If the document has a DOCTYPE declaration with a public identifier containing "XHTML," such as
-//W3C//DTD XHTML 1.0 Transitional//EN, then it is definitely an XML document. (Either that, or the author has blindly cut and pasted the DOCTYPE declaration from somewhere else without knowing what it means and is about to find out the hard way.)
On the other hand, a DOCTYPE declaration with a public identifier containing "HTML," such as
-//W3C//DTD HTML 4.01 Transitional//EN, means that it must be an HTML document, not XML.
If the DOCTYPE declaration has a system identifier but no public identifier, then it must be an XML document, as XML removed the requirement to have a public identifier in the DOCTYPE declaration.
If the document has an empty DOCTYPE declaration of
<!DOCTYPE html>, then it must be an HTML document using the new DOCTYPE idiom introduced by the WHAT-WG to identify HTML5 documents.
If the DOCTYPE declaration has no public or system identifier and defines an internal subset, then the document must be XML, as HTML documents rarely define an internal subset in this way.
If we reach the first start tag in the document and none of the heuristic rules have matched yet, then we need to look at the attributes on the root element. Any
xml:*attributes, such as
xml:base, mean that the document must be XML.
If we encounter a syntax error trying to parse the beginning of the document with an XML parser, then we will assume that the document is actually HTML. This will catch the common HTML idiom of putting junk at the top of the file and letting user agents benevolently ignore it. This heuristic will misidentify documents that are intended to be XML but have syntax errors before the first start tag. In practice, this is not a problem, as most XML syntax errors occur in the body of the document and not in the prolog.
If, after all that, we still don't know, then we had better assume that the document is HTML. This is appropriate fallback behavior for a file with a
.htmlextension, and seems like a good tradeoff, as users who don't care about XML will not see XML-related error messages in the (likely) case that the document turns out not to be well-formed.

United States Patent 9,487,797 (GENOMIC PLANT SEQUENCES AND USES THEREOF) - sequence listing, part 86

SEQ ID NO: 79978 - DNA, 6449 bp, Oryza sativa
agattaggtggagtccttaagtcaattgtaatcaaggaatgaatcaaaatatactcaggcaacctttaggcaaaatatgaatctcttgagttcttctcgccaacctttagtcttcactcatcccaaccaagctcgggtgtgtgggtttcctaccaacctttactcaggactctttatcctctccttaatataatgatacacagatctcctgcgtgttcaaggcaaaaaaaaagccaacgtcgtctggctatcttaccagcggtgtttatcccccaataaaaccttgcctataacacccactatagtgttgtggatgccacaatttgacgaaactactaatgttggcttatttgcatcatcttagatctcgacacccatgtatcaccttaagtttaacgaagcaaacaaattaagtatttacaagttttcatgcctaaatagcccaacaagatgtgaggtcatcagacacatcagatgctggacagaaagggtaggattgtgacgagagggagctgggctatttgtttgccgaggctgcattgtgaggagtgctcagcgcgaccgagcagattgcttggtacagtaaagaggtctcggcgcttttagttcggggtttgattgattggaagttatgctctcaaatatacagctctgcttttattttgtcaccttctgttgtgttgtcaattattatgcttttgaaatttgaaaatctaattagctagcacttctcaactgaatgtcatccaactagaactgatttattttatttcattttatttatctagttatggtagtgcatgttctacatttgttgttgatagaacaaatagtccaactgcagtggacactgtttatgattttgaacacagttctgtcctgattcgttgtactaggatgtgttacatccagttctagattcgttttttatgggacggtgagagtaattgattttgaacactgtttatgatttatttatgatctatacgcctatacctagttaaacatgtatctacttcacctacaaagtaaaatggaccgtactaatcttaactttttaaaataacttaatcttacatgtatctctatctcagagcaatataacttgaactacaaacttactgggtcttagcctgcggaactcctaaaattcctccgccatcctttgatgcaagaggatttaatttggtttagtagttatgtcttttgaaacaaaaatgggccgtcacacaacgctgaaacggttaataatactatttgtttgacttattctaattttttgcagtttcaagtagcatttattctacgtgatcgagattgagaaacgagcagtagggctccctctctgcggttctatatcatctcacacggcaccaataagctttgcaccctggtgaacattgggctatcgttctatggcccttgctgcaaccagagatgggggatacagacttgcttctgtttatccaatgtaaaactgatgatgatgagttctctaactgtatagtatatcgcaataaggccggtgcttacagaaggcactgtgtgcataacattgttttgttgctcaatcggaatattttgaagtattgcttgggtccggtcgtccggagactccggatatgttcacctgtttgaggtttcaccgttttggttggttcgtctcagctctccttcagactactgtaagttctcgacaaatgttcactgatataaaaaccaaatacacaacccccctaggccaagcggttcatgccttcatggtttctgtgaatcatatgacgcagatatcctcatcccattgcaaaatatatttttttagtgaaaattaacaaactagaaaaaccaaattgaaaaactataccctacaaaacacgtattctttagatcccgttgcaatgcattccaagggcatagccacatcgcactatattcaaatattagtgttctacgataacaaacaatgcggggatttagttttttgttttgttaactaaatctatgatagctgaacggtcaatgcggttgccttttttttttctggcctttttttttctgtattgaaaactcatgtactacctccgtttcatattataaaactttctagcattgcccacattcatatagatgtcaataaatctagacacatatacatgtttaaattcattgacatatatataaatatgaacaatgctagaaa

As soon as any one of the rules matches, it will determine whether the document smells like XML or like HTML, and we can stop sniffing and report a result. There are other more subtle heuristics that could be added, but these should be sufficient to correctly classify most documents.
From the last heuristic, it is clear that this document smells like HTML:
<html> <head> <title>What am I?</title> ...
This seems reasonable, as there is nothing to indicate that this document is XML. It is possible that later in the document there might be some XML content with namespaces that will fail to impress the HTML parser, but this falls under the topic of parsing XML islands in HTML documents; the jury is still out on the legality of this.
We can indicate that this document is actually XHTML by adding an XML declaration,
XHTML DOCTYPE declaration, or by adding an
xmlns attribute to the root element.
These are all sensible things to do if the document is really intended to be XHTML,
make it obvious to human readers as well as to programs.
Note that strictly conforming XHTML1
documents should be easy for our heuristics to recognize, as they must have a DOCTYPE
declaration with a public identifier that references one of the three XHTML1 DTDs
xmlns attribute on the root element. Document authors are also encouraged to
add an XML declaration. However, a user agent also needs to handle XHTML documents
reference other DTDs, such as the XHTML + MathML DTD, and may lack an explicit